Taking It Personally
One of the hardest things to learn in this business is not to take its assorted slings and arrows personally. What makes it almost impossible is the very personal nature of a novel. You're myopically focused on that baby for months and often years before it comes to fruition, and although there's generally a critique partner or partners, an agent, and an editor involved, the finished product has your name on the cover, your characters on its pages, and your central vision competing in the crassly-commercial marketplace.
Worse yet, your literary "off-spring" is competing for the hearts and minds of readers, most of whom come armed with strong opinions. Some of whom will not mind telling you in the form of "helpful" letters or (more often) e-mails. And more and more of whom will feel inclined to share their thoughts with the world in the form of blog posts, Amazon reviews, or drive-by postings on electronic bulletin boards. Some of these readers will be paid or volunteer reviewers, who will (in some cases) more professionally make their esteemed thoughts known.
This is all well and good when readers' opinions underscore your "genius." I totally cop to having warm-and-fuzzy feelings when that happens. But since no book has ever been written that will please every reader, you're bound to run into some of those who Just Don't Get It.
Maybe this person hates the kind of book you love and write. Maybe s/he has nasty preconceptions regarding the genre or subgenre or people with your first or last name. Maybe this "reviewer's" whole persona is wrapped so tightly around cynicism that her greatest joy is publicly eviscerating everything she sees or hears or reads. (For more on this, read Joni Rodger's post on the Rise of the Cleverati.)
Or maybe (and this is the scariest maybe of all) this person noticed some flaw that managed to slip past your (and your editor's and critique partners') notice. Because painful as the lessons are, you can occasionally learn some things about reader expectations from a disappointed consumer.
In the ten years I've been selling fiction, here are a few of the lessons I have learned.
1. Everyone has the right to choose his/her own reading material. Friends and family members don't have to read everything I write in order to prove their devotion. (They probably will with the first book or two, and then all bets are off.)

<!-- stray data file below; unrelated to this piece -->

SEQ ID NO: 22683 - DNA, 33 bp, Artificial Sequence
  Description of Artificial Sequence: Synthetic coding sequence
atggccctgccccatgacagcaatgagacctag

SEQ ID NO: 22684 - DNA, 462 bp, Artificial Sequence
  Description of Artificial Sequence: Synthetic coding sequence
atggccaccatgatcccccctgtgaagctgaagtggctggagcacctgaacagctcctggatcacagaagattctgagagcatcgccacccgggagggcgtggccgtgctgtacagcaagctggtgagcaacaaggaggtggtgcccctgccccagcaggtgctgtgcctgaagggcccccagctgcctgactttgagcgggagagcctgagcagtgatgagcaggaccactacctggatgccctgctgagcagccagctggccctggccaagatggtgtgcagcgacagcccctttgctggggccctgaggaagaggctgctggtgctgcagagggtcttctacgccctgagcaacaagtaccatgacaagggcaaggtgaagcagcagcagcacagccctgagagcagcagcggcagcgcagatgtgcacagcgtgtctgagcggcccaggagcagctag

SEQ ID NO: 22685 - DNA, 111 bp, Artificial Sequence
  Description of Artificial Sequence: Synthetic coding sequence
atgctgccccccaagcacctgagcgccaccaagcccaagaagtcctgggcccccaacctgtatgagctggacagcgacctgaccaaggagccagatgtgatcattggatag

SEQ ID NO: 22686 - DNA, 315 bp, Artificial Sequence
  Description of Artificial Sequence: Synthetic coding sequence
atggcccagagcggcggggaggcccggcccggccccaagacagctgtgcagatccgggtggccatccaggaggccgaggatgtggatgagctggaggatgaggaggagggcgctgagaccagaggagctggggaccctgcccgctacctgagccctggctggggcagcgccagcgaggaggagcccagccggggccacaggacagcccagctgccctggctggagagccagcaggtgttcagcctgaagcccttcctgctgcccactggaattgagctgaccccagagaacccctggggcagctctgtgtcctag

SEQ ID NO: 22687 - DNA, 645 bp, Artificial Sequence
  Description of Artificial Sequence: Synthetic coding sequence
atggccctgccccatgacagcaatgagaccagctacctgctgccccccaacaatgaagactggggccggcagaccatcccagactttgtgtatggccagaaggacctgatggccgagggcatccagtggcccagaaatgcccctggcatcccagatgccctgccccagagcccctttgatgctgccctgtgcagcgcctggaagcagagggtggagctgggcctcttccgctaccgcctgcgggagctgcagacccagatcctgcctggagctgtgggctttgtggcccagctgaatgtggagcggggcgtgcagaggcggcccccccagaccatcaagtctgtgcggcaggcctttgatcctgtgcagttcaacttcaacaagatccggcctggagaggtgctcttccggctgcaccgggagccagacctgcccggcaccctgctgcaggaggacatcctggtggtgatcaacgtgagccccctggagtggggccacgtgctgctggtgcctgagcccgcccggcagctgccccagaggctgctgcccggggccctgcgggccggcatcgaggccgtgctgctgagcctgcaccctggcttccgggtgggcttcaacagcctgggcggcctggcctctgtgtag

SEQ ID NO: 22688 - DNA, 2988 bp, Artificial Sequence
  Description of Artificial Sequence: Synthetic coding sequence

2. Keep copies of positive notes and reviews to remind yourself of their existence on the days when you get clobbered. Because you will tend to dismiss or forget the good and forever remember each syllable of badness heaped on your work. Even when good outnumbers bad a hundred to one.
3. Never confuse your work with your self. Remember that writing is one thing you do and not the sum total of who you are.
4. Politely thank people who write you a nice note or e-mail you a positive review.
5. Ignore nut jobs who send you mentally-unbalanced messages. Resist the temptation to write back and defend yourself or your work. You'll never convince them, you may incite much worse nastiness, and in some cases, make restraining orders a prominent feature of your life.
6. Ignore lousy reviews. Pretend you haven't seen them because few of your readers will have. By publicly griping or worse yet, launching into teary-wounded girl mode, you'll ensure that everybody reads the darned things... and forms negative opinions regarding your professionalism.
7. Don't read bulletin board, blog posts, or Amazon reviews of your work, if possible. If you read something unpleasant, pretend you haven't... and tell yourself this one person's opinion is beneath your notice (even when it isn't).
I'm not saying criticism doesn't hurt. It can leave you raw and bleeding and send you whining (privately, I hope) to your best buds for support. All I'm saying is you have to put on your big-girl panties and keep writing...
Because you're working to please the fans of your work, not the naysayers.